UNITED NATIONS, Nov. 18 (Xinhua) -- While historic gains overall for the world's children have been achieved since the Convention on the Rights of the Child (CRC) was adopted 30 years ago, many of the poorest children are yet to feel the impact, according to a report by the United Nations Children's Fund (UNICEF) released on Monday.
Part of commemorations marking the 30th anniversary of the CRC, the report, The Convention on the Rights of the Child at a Crossroads, looked at the undeniable achievements of the past three decades, proof that where there is political will and determination, children's lives improve.
"There have been impressive gains for children over the past three decades, as more and more are living longer, better and healthier lives. However, the odds continue to be stacked against the poorest and most vulnerable," said UNICEF Executive Director Henrietta Fore.
"In addition to the persistent challenges of health, nutrition and education, children today have to contend with new threats like climate change, online abuse and cyberbullying," she said, adding that only with innovation, new technologies, political will and increased resources will we help translate the vision of the convention into a reality for all children everywhere.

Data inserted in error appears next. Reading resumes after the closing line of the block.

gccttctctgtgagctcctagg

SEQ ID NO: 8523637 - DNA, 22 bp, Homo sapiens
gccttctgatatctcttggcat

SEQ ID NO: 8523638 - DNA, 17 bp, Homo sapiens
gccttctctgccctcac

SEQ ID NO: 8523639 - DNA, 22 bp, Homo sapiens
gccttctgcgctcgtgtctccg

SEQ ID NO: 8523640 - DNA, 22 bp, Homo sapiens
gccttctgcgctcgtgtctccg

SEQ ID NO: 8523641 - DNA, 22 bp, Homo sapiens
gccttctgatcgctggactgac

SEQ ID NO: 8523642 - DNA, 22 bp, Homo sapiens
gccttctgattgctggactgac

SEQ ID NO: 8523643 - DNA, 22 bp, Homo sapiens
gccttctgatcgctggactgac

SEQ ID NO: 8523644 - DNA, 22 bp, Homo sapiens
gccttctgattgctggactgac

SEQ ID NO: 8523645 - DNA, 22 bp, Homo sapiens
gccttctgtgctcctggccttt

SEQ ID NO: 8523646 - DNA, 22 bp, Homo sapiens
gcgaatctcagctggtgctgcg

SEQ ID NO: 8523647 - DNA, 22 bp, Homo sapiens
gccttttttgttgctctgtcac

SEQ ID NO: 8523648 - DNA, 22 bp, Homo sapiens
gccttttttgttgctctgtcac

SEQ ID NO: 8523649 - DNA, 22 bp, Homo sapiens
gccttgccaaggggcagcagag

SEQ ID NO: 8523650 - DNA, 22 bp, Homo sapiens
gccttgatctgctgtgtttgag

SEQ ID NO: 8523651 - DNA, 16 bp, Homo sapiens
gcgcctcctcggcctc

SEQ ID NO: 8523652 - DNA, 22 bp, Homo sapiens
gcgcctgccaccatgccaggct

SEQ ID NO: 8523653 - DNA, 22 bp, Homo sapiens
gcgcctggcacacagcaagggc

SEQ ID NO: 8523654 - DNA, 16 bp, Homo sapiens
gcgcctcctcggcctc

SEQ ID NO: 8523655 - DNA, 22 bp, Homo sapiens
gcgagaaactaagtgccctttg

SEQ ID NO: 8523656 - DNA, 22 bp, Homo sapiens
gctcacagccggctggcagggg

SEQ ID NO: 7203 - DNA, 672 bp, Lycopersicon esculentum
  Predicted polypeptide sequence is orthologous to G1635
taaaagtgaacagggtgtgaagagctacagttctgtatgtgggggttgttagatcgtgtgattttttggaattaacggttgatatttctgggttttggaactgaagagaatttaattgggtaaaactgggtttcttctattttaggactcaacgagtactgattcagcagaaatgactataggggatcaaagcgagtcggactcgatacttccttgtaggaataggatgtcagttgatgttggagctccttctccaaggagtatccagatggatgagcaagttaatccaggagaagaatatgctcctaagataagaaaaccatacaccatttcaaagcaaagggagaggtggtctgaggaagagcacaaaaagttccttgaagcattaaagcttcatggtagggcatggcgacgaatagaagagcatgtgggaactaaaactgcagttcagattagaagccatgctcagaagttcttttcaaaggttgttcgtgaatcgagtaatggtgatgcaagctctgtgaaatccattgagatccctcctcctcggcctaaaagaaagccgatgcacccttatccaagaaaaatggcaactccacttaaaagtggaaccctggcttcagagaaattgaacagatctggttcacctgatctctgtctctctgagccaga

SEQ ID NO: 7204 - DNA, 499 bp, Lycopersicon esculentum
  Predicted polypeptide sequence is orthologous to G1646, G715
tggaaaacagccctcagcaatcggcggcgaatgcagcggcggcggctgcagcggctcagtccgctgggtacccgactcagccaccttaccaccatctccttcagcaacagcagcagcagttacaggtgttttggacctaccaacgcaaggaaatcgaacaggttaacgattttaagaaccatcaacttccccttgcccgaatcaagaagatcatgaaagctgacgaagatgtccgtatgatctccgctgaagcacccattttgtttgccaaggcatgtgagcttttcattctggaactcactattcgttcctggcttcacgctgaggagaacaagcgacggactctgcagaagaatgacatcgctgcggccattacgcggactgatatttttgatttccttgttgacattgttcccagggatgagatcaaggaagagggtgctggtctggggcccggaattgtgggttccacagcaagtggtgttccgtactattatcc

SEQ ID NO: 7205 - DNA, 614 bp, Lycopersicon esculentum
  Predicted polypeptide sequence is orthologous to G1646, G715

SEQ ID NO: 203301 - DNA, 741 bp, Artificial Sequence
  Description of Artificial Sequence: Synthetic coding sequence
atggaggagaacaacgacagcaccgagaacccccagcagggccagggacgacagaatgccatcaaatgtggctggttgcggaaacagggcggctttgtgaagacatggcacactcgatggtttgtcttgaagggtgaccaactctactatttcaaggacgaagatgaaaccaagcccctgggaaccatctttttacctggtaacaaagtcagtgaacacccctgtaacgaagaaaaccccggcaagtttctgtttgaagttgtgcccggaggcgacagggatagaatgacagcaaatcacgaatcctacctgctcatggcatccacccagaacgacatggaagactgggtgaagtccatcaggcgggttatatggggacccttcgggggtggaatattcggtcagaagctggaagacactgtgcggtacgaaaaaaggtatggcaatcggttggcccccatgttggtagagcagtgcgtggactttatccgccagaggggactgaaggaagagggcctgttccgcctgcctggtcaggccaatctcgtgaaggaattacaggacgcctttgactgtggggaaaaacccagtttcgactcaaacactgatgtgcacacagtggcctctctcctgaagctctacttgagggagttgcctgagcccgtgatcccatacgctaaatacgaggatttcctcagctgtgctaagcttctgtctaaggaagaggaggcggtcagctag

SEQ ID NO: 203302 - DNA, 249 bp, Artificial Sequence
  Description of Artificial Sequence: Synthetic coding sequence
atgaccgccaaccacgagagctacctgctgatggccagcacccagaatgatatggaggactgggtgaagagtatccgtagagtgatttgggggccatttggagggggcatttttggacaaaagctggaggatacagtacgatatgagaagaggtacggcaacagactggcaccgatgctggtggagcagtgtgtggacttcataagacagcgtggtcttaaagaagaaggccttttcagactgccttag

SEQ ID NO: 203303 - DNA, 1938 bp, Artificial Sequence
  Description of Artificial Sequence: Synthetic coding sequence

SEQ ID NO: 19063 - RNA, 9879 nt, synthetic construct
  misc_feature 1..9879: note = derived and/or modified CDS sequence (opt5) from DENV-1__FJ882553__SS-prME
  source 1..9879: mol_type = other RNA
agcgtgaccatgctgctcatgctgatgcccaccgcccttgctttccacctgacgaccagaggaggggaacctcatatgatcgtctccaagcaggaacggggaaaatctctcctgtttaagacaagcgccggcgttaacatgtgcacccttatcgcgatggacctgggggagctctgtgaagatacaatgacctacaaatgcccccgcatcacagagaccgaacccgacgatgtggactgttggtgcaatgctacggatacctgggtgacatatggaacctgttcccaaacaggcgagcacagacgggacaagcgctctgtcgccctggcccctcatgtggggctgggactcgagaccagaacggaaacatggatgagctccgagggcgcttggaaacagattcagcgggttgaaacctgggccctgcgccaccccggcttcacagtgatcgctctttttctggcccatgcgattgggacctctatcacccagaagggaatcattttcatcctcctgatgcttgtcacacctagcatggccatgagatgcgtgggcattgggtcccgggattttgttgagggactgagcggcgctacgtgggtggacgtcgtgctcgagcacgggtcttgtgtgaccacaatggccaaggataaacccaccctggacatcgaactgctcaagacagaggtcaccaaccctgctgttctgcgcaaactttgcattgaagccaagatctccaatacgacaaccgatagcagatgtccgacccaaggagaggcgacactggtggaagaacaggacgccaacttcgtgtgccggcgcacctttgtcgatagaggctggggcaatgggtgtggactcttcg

Citing progress in child rights over the past three decades, the report noted that the global under-five mortality rate has fallen by about 60 percent, and the proportion of primary-school-aged children not in school decreased from 18 percent to 8 percent.
However, the report noted that in low and middle-income countries, children from the poorest households are twice as likely to die from preventable causes before their fifth birthday than children from the richest households.
Recent available data showed that only half of children from the poorest households in sub-Saharan Africa are vaccinated against measles, compared to 85 percent of children from the richest households. Despite a decline in child marriage rates globally, the poorest girls in some countries are more at risk today than they were in 1989.
The report also warned of new threats affecting children around the world, including poverty, discrimination and marginalization, climate crisis and a slowdown in immunization coverage rates, called for urgent action and a recommitment to child reghts.